Total ankle replacement can be a viable option for patients with end-stage ankle arthritis associated with coronal plane deformity. With proper ankle balancing, a well-aligned ankle implant can be maintained over time and provide successful patient outcomes. The purpose of this study was to evaluate radiographic and subjective outcomes in patients with ankle arthritis along with coronal plane deformity who underwent total ankle arthroplasty with a 3-piece mobile-bearing implant. Our primary inclusion criterion was patients who demonstrated more than 5° of tibiotalar coronal deformity in either varus or valgus direction. Sixty-three consecutive patients who underwent total ankle replacement were reviewed. Of these, 25 (39.7%) met the inclusion criteria. Sixteen (64%) patients had a varus deformity (Group 1) and 9 (36%) had valgus deformity (Group 2) preoperatively. Alignment was evaluated radiographically at 5 different intervals: preoperative, immediate postoperative, and 6, 12, and 36 months postoperative. In patients with varus deformity, the mean tibiotalar angle was 12.6°, 0.8°, 1.0°,1.0°, and 0.8° for preoperative, immediate postoperative, and 6, 12, and 36 months, respectively. The same measurements and intervals for patients with valgus deformity were found to be 10.3°, 1.4°, 1.6°, 1.4°, and 1.4°. A statistically significant difference was observed in preoperative and postoperative coronal plane deformity. This correction was maintained at final follow-up visit. American Orthopaedic Foot and Ankle Society scores and visual analogue scale scores were recorded as well, and statistically significant improvements in preoperative and postoperative scores were found (p < .001). In conclusion, coronal plane deformity correction of the ankle can be accomplished and maintained in total ankle replacement procedures with proper soft tissue balancing and osseous procedures as indicated.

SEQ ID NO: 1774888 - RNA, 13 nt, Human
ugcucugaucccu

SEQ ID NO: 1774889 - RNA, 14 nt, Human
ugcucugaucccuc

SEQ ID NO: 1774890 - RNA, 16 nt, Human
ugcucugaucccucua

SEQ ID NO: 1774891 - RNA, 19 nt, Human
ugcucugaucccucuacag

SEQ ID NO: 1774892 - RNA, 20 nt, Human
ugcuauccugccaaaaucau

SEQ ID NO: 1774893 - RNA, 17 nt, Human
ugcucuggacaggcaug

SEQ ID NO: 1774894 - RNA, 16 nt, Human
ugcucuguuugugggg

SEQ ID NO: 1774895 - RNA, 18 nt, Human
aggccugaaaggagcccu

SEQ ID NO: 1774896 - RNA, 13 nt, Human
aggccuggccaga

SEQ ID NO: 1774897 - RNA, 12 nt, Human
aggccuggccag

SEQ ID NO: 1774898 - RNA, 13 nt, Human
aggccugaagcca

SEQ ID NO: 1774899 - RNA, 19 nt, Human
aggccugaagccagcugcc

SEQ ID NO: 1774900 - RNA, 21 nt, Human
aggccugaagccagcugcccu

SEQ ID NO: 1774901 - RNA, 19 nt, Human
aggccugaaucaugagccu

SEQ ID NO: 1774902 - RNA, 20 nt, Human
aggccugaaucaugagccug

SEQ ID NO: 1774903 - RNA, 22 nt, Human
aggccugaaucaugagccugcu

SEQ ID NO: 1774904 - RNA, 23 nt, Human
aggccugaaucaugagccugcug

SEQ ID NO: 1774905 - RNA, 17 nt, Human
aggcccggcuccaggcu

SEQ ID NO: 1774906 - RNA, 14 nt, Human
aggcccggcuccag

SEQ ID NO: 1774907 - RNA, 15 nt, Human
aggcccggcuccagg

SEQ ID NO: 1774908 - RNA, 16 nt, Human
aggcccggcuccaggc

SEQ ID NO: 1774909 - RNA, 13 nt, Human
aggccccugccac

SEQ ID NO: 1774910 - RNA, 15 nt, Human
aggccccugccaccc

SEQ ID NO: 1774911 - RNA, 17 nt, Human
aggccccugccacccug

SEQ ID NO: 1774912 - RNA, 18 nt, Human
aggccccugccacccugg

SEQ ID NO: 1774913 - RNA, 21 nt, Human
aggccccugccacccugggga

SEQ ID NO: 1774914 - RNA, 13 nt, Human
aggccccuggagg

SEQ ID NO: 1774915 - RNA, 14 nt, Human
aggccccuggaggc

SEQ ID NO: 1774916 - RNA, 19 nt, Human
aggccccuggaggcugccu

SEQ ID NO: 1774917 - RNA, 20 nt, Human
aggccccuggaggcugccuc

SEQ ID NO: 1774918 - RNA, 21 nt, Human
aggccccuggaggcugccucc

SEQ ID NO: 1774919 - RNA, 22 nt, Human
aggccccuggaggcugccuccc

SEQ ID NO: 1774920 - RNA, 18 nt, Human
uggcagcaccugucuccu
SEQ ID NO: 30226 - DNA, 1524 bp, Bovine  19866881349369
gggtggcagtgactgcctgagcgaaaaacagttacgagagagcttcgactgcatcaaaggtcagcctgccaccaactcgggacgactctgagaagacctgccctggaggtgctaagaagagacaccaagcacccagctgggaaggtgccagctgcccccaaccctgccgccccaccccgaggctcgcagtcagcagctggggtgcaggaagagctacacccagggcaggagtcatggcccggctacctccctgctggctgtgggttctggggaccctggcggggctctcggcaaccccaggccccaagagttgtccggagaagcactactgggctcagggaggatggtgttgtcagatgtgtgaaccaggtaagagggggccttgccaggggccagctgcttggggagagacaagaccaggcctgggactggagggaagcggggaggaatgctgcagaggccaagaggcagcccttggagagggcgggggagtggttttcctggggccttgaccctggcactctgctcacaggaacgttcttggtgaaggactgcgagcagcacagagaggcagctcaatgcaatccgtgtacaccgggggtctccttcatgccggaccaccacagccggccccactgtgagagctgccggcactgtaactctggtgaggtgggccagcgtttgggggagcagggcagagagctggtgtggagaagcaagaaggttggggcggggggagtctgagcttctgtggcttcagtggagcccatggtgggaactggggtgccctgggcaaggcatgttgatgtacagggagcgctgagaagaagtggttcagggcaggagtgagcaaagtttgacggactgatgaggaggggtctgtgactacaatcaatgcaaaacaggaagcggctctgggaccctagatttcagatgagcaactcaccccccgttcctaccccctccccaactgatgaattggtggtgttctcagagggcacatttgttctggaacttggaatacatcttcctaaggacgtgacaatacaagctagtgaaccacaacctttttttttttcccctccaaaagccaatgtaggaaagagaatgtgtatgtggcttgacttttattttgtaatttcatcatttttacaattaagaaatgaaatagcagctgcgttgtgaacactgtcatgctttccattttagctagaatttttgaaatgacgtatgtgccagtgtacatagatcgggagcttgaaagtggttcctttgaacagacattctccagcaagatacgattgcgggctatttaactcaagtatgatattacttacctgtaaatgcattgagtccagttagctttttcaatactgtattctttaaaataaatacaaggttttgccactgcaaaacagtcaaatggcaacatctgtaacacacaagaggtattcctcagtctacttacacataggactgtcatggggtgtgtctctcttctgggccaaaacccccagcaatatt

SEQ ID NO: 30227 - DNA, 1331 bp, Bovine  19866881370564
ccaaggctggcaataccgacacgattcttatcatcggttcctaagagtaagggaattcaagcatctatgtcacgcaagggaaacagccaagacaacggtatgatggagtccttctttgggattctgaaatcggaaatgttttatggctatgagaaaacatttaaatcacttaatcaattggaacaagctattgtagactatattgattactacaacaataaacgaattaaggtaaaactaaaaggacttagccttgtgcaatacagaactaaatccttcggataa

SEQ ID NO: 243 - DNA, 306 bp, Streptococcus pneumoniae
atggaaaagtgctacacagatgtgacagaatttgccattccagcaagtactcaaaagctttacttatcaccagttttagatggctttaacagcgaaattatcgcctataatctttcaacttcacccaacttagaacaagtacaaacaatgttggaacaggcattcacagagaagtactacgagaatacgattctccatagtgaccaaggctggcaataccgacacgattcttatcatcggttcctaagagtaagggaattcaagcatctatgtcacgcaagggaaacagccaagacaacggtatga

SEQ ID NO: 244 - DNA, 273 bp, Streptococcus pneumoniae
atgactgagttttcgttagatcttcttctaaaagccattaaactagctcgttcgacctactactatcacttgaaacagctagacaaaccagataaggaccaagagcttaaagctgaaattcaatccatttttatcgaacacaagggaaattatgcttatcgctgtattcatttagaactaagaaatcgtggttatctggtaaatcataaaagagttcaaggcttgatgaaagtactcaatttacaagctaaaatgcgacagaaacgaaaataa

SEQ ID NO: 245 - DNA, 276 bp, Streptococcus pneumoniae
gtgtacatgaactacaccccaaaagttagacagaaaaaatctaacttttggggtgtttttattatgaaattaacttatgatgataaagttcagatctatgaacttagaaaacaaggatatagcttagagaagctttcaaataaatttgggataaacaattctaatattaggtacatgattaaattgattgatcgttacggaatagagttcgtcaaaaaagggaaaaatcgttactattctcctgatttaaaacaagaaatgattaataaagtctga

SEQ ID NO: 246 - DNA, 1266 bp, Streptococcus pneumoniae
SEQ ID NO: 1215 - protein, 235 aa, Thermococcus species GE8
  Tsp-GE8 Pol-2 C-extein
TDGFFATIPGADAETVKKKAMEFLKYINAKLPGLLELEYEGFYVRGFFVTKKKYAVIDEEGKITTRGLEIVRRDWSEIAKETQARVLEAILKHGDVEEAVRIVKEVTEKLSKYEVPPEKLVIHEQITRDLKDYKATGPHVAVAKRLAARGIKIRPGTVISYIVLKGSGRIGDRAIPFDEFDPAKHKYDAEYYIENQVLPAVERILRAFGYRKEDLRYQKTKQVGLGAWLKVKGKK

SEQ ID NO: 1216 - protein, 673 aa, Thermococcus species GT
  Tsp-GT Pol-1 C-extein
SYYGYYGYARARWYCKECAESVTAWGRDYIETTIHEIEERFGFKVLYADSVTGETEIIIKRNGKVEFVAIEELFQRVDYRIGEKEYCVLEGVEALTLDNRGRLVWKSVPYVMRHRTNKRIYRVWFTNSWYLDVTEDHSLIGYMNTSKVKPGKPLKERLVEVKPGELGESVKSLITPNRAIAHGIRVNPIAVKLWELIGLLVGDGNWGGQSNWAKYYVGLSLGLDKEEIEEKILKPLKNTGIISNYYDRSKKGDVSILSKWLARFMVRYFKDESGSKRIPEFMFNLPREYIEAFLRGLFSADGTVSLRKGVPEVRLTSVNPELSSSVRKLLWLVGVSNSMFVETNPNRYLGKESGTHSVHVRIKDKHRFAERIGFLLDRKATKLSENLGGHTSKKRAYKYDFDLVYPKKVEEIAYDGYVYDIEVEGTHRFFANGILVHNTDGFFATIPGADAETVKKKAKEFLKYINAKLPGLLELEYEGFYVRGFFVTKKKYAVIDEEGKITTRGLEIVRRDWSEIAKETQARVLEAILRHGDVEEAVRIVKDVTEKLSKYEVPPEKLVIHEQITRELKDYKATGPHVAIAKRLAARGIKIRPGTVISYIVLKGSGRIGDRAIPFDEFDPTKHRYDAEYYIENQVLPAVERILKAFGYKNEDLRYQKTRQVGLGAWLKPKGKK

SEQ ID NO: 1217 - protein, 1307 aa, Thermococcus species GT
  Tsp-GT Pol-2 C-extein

Level of Clinical Evidence: 4